Primary Source Document, transcribed by Mike Slate.
Yesteryear’s folding booklets of postcards sometimes included a few paragraphs about the featured state or city. The text below, which reads as though it might have been prepared by the local Chamber of Commerce, came from a booklet of postcards published by S. H. Kress & Co. and is hand-dated September 15, 1924. Ephemera like this can often provide both interesting data and thought-provoking interpretive possibilities.
Nashville is the Capital City of Tennessee, and the County Seat of Davidson County.
Four railroads serve the city. Forty-four passenger and sixty-eight freight trains arrive in Nashville daily.
The Cumberland River is navigable 210 miles down the river practically the year round and 352 miles up the river for about six months, and the work of installing new locks and dams will increase this practically to ten months each year. Nashville has seven bridges across the Cumberland River.
There are 22 parks and playgrounds, containing 468 acres. Centennial Park has the only replica of the Parthenon in the world. Shelby Park has a nine-hole municipal golf course. The Vanderbilt Stadium seats 22,000 people, and is the largest athletic field in the South. Nashville’s water supply is pure and inexhaustible, with more than 50,000,000-gallon capacity daily. The Tennessee State Fair, one of the largest expositions in the South, is held in Nashville each year. The Public Auditorium has a seating capacity of 5,000 persons.
Vanderbilt University, with assets of $11,000,000, has entrance requirements and a curriculum equal to any university in the United States, and has drawn students from every state in the Union and from eight foreign countries. It has an endowment of $6,850,000. The medical department has an endowment of $3,500,000, and is erecting the most complete medical school in the South and one of the finest in America.
The only Y.M.C.A. College in the South is located in Nashville.
Three institutions for women, Ward-Belmont, St. Bernard Academy, and St. Cecilia, draw students from practically every state in the Union. Ward-Belmont alone has over 600 non-resident students.
The Southeastern School of Printing has $80,000 worth of equipment, and is the only school of its kind in the South.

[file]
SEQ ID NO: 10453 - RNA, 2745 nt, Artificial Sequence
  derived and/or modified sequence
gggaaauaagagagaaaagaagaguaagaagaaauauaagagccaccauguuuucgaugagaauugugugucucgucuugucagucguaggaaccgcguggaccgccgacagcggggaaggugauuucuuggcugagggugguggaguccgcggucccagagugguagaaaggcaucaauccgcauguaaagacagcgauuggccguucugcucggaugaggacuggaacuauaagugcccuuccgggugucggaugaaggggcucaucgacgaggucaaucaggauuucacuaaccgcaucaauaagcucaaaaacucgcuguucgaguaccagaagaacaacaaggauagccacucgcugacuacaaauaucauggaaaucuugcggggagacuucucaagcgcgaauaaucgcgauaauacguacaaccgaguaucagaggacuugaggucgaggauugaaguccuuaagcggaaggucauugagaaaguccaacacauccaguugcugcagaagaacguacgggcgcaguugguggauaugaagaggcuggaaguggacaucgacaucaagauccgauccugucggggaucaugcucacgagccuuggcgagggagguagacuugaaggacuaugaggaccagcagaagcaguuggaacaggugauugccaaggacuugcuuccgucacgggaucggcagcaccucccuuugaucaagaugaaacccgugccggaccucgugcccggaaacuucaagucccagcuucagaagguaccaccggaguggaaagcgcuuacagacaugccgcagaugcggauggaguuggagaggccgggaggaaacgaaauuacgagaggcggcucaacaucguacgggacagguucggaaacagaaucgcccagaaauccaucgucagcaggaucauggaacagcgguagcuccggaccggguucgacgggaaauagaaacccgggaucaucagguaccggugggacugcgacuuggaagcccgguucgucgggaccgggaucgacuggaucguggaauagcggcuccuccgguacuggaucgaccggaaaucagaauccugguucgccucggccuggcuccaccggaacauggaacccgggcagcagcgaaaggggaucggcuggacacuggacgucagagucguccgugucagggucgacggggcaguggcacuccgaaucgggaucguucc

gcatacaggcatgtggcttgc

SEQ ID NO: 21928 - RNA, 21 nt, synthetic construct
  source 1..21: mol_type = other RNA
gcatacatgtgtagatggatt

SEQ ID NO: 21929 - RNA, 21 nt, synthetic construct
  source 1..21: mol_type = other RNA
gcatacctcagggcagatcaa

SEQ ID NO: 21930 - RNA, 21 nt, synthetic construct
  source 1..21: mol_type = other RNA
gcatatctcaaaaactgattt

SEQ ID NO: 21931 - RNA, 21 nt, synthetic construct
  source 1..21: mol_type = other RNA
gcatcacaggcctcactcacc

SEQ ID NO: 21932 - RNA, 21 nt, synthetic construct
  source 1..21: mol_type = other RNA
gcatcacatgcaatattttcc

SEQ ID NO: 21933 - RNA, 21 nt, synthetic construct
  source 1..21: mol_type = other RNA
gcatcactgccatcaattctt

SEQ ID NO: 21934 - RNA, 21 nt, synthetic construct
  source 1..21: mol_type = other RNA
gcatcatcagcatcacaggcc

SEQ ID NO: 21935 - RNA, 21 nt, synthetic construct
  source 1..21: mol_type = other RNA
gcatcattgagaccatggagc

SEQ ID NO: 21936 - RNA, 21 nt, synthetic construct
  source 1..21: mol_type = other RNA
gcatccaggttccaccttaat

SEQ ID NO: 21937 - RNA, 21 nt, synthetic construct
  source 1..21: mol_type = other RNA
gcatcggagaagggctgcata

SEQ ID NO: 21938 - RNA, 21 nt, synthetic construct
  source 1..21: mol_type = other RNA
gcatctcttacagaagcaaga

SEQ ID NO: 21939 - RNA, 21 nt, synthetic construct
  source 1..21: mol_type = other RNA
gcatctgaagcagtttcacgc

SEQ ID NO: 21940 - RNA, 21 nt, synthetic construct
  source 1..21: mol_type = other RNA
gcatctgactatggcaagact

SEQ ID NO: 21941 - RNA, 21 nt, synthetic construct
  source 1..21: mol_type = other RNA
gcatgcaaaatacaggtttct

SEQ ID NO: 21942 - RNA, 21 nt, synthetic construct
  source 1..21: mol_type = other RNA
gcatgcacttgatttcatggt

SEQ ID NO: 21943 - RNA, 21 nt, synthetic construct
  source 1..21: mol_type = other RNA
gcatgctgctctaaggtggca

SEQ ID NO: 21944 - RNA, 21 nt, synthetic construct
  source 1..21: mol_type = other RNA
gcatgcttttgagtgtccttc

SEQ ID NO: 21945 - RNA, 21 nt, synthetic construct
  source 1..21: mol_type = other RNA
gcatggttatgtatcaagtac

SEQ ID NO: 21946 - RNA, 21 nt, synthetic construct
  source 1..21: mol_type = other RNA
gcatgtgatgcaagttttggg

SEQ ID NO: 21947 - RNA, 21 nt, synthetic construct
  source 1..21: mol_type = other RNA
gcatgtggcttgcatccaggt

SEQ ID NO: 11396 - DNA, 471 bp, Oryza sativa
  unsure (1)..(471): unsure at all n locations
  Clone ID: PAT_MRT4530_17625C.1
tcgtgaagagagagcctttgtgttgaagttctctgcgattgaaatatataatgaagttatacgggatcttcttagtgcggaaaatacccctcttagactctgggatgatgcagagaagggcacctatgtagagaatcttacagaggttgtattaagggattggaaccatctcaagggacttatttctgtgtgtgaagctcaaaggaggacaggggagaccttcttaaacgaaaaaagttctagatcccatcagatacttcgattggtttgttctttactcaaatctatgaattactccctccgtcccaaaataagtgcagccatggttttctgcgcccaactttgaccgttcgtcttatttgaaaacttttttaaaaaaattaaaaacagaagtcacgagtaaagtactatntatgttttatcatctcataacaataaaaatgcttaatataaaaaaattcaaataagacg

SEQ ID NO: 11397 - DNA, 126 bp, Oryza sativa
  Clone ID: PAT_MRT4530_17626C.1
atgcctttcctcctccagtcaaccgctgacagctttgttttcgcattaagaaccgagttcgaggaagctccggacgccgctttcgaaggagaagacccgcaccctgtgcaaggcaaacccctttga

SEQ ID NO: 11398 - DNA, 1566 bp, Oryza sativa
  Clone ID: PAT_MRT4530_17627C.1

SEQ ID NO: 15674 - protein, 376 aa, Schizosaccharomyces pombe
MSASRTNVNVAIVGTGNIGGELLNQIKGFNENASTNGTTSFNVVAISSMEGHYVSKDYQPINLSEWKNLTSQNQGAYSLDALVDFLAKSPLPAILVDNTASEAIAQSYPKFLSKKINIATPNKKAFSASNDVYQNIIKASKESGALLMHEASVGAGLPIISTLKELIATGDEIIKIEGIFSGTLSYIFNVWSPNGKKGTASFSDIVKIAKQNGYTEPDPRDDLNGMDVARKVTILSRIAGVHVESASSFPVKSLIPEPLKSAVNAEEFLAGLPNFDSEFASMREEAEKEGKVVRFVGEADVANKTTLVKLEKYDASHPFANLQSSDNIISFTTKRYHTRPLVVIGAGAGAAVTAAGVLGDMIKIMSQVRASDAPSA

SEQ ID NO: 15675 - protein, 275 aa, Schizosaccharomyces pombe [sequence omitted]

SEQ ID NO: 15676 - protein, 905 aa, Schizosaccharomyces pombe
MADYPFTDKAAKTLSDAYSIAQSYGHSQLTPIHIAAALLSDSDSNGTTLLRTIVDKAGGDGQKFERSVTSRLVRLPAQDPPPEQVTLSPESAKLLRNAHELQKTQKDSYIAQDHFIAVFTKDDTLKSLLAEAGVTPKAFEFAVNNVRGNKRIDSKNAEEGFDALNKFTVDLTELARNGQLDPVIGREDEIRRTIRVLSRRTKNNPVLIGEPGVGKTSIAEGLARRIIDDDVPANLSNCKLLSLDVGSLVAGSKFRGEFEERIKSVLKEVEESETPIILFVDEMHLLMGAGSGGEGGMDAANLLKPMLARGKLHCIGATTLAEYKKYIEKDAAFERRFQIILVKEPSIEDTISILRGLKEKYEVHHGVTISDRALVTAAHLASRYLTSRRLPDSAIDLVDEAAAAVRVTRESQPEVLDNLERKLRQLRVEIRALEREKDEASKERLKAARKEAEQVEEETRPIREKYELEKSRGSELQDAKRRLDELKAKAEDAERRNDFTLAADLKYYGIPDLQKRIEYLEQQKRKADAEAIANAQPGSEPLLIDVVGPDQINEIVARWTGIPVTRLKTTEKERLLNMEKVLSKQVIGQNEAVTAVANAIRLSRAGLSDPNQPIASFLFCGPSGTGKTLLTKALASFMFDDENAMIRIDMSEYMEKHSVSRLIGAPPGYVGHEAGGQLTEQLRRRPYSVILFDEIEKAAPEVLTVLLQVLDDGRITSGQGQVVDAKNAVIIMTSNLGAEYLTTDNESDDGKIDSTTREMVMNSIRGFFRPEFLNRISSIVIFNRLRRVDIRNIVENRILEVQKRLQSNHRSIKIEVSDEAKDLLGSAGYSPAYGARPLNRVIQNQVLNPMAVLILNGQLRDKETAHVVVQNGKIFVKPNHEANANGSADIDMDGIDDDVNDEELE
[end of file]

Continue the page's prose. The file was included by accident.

The United States government recognizes as colleges only three institutions for the higher education of the Negro; two of them, Fisk University and Meharry College, are located here; also Walden University, Tennessee Agricultural and Industrial Normal School, Roger Williams, and two Negro Baptist Theological Seminaries.
The Fisk Jubilee Singers have sung in every Capital and at every court in Europe.
George Peabody College for Teachers, with an investment of $4,000,000 and 20 departments, is the only teachers’ college in the South, and the second largest in the United States. It has an endowment of $2,500,000, and in 1922-23 had an enrollment representing 36 states and 5 foreign countries.
It leads all other cities in the South in livestock, butter, poultry, grinding of wheat, eggs, and various agricultural products.
The mean annual temperature is 60 degrees; the average summer temperature is 78 degrees; and average winter temperature is 41 degrees.
The average annual rainfall is 47.2 inches, humidity moderate, and no sunstrokes are recorded.
Nashville has more than 500 manufacturing enterprises, makes more self-rising flour than any city in the world (“Goodness gracious, it’s good!”), and is one of the two largest hardwood flooring markets in the world. Its annual hardwood flooring output would pave an automobile boulevard 10 feet wide from Nashville to New York. Over 35,000,000 pounds of green coffee are roasted annually.
The Hermitage, the home of Andrew Jackson, is located near Nashville, and is one of the show grounds of America.
Three Presidents of the United States, Andrew Jackson, James K. Polk, and Andrew Johnson, have lived in Nashville. Jackson is buried at the Hermitage and Polk on the grounds of the historic State Capitol.
The Battle of Nashville, one of the major engagements of the Civil War, was fought partially within the city limits on December 15 and 16, 1864.
William Walker, the “Grey-eyed Man of Destiny,” the most famous of all American filibusters, was born and reared in Nashville. Walker became president of Nicaragua and raised the blood-red five-point star of the United States of Central America, but he failed in his plans and was shot by a firing squad. (1997)